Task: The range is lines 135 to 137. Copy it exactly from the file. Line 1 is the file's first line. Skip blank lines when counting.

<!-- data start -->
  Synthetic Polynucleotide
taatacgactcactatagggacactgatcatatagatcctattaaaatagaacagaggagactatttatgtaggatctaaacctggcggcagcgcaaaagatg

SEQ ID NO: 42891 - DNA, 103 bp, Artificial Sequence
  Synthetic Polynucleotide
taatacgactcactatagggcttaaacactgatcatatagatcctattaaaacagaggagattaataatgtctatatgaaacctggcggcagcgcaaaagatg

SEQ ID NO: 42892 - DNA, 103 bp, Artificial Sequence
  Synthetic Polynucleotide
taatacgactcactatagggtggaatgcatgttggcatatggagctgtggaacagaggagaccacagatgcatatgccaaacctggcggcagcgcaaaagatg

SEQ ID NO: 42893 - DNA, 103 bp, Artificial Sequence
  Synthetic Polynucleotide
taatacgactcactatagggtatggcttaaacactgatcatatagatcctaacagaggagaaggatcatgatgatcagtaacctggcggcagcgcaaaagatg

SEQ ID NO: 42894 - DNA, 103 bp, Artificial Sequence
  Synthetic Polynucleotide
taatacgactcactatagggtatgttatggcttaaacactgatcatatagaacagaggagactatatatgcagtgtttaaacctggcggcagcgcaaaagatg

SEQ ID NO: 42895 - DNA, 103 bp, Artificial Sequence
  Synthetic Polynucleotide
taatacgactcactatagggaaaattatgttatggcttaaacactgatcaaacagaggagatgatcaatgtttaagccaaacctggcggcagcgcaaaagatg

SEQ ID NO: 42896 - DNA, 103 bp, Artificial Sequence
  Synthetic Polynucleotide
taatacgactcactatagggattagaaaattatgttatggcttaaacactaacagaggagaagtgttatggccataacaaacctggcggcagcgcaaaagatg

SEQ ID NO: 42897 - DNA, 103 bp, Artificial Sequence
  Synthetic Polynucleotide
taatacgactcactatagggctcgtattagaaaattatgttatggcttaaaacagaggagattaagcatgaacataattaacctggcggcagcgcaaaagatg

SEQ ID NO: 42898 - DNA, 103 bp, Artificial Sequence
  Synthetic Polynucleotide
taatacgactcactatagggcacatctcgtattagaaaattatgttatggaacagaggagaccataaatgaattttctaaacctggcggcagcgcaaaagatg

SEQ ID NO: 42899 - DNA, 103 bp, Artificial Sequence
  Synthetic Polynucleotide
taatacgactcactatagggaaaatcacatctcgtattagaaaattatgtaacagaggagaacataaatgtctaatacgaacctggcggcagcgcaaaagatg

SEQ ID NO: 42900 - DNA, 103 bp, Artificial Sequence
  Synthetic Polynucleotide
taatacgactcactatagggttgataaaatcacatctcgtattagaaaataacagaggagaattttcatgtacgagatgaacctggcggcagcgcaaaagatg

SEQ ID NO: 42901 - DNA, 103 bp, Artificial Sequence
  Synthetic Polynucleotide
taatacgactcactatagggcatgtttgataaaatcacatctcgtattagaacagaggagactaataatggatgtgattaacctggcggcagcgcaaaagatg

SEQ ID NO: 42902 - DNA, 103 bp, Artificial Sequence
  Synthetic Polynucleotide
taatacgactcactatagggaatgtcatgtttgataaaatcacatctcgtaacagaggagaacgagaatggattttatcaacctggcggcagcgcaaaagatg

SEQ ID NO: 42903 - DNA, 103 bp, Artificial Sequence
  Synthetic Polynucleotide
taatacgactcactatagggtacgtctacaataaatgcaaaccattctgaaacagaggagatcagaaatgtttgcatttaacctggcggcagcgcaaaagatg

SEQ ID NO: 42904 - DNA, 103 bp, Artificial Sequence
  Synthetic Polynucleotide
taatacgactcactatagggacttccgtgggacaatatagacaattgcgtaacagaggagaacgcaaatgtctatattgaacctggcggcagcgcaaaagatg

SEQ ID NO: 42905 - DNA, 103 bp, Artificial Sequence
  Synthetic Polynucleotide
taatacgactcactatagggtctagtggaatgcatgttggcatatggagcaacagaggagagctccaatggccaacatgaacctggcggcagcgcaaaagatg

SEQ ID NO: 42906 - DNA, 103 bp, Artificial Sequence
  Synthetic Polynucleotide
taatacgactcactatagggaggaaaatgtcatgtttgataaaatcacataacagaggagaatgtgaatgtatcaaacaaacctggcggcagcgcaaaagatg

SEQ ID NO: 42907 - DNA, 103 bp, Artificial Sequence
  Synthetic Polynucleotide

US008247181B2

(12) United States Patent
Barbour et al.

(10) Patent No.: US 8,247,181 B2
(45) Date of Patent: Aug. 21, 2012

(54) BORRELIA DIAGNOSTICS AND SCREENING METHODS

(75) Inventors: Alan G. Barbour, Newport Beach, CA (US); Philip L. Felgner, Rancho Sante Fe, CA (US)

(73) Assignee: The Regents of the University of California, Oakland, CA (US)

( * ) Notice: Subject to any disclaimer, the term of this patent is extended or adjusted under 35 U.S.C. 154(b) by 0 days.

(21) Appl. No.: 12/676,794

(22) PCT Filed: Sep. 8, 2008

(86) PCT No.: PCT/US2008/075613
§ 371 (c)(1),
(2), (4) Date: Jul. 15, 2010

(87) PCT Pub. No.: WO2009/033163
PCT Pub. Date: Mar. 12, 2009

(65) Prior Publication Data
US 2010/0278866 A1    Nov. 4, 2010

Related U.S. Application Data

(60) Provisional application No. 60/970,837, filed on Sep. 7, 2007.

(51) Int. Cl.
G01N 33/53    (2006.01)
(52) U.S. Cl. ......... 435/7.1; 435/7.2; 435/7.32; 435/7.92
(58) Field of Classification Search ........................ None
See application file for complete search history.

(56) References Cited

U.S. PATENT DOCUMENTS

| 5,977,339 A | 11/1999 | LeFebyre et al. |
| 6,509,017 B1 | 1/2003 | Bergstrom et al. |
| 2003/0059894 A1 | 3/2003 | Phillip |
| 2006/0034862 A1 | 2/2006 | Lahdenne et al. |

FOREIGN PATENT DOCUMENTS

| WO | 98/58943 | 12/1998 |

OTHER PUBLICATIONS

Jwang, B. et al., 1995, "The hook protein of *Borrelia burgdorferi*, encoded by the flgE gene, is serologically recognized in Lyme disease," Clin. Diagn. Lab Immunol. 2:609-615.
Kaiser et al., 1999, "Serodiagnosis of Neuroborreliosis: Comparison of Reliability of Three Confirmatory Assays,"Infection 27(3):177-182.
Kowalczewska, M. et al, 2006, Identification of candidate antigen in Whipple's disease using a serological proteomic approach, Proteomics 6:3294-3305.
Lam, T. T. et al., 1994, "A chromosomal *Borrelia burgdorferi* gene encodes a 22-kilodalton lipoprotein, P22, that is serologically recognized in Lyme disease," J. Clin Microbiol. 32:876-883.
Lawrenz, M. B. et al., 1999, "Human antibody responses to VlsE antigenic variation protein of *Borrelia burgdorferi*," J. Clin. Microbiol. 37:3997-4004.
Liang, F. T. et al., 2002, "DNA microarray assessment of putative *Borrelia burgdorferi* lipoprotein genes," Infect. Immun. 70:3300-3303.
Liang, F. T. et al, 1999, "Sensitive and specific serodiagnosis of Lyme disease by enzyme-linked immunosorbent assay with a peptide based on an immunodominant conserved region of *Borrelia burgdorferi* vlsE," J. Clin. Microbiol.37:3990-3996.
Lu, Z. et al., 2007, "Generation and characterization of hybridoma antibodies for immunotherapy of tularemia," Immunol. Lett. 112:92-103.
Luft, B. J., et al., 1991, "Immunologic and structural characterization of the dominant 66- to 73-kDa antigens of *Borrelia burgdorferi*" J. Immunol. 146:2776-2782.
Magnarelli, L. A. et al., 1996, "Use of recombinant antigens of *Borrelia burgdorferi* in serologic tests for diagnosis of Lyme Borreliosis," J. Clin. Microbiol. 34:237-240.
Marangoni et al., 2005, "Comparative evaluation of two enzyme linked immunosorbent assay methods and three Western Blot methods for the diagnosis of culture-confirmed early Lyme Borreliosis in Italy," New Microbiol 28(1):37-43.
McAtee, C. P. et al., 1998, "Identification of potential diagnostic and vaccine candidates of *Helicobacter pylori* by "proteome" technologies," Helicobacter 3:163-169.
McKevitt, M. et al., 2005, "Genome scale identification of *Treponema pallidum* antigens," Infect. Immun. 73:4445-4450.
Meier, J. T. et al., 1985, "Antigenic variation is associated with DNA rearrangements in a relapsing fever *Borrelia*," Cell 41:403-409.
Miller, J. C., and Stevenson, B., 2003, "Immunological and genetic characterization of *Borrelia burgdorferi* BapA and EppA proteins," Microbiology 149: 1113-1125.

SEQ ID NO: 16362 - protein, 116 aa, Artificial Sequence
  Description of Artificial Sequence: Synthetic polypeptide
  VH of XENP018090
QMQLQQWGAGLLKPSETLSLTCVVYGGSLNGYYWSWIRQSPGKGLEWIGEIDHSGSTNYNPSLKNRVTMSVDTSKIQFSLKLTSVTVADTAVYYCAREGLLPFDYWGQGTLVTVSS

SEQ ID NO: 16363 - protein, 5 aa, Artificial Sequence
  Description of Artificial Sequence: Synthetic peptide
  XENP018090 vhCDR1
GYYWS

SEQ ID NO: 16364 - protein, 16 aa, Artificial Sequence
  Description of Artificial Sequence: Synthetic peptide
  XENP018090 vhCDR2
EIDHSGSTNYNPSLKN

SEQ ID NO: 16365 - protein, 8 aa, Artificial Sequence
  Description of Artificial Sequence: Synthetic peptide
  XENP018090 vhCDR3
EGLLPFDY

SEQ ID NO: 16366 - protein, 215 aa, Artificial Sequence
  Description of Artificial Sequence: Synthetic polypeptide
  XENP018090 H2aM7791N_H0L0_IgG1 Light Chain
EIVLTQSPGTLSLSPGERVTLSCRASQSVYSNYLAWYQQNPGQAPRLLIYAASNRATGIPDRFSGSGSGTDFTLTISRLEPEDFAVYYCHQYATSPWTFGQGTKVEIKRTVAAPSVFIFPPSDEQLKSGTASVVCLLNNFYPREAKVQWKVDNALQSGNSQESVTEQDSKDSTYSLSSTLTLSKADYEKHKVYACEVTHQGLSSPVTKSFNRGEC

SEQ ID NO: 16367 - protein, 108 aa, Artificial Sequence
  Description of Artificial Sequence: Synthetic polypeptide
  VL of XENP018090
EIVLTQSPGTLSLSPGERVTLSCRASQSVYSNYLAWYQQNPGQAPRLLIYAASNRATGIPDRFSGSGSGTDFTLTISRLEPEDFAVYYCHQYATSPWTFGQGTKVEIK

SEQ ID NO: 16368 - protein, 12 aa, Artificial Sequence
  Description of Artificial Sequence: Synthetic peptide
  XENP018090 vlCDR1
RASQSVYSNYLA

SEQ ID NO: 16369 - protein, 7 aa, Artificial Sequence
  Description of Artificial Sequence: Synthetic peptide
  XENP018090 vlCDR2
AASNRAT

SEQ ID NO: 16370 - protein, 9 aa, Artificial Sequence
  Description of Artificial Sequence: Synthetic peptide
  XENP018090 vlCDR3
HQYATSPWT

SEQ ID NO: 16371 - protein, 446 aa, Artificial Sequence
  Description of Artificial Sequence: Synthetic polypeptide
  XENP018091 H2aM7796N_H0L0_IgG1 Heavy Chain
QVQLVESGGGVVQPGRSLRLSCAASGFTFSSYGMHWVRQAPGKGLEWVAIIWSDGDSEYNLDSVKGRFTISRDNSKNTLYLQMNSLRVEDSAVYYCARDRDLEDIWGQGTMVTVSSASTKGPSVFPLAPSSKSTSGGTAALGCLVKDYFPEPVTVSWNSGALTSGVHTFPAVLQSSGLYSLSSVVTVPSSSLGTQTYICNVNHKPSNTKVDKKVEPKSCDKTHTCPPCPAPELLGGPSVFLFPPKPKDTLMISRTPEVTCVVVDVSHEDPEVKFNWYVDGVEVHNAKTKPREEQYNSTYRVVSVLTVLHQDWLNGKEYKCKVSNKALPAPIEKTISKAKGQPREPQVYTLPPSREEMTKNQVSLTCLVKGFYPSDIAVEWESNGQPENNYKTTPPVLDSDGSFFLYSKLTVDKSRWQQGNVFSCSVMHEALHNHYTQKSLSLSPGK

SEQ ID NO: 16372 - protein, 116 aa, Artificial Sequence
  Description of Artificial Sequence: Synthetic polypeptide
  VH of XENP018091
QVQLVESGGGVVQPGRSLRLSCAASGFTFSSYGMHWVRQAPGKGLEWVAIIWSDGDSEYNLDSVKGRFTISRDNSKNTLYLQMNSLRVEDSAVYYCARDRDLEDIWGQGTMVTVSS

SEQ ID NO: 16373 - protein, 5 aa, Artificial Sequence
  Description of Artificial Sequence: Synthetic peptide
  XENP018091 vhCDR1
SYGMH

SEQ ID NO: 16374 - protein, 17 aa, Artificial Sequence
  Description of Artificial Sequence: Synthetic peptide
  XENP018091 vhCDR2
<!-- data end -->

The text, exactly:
  Description of Artificial Sequence: Synthetic peptide
  XENP018090 vlCDR3
HQYATSPWT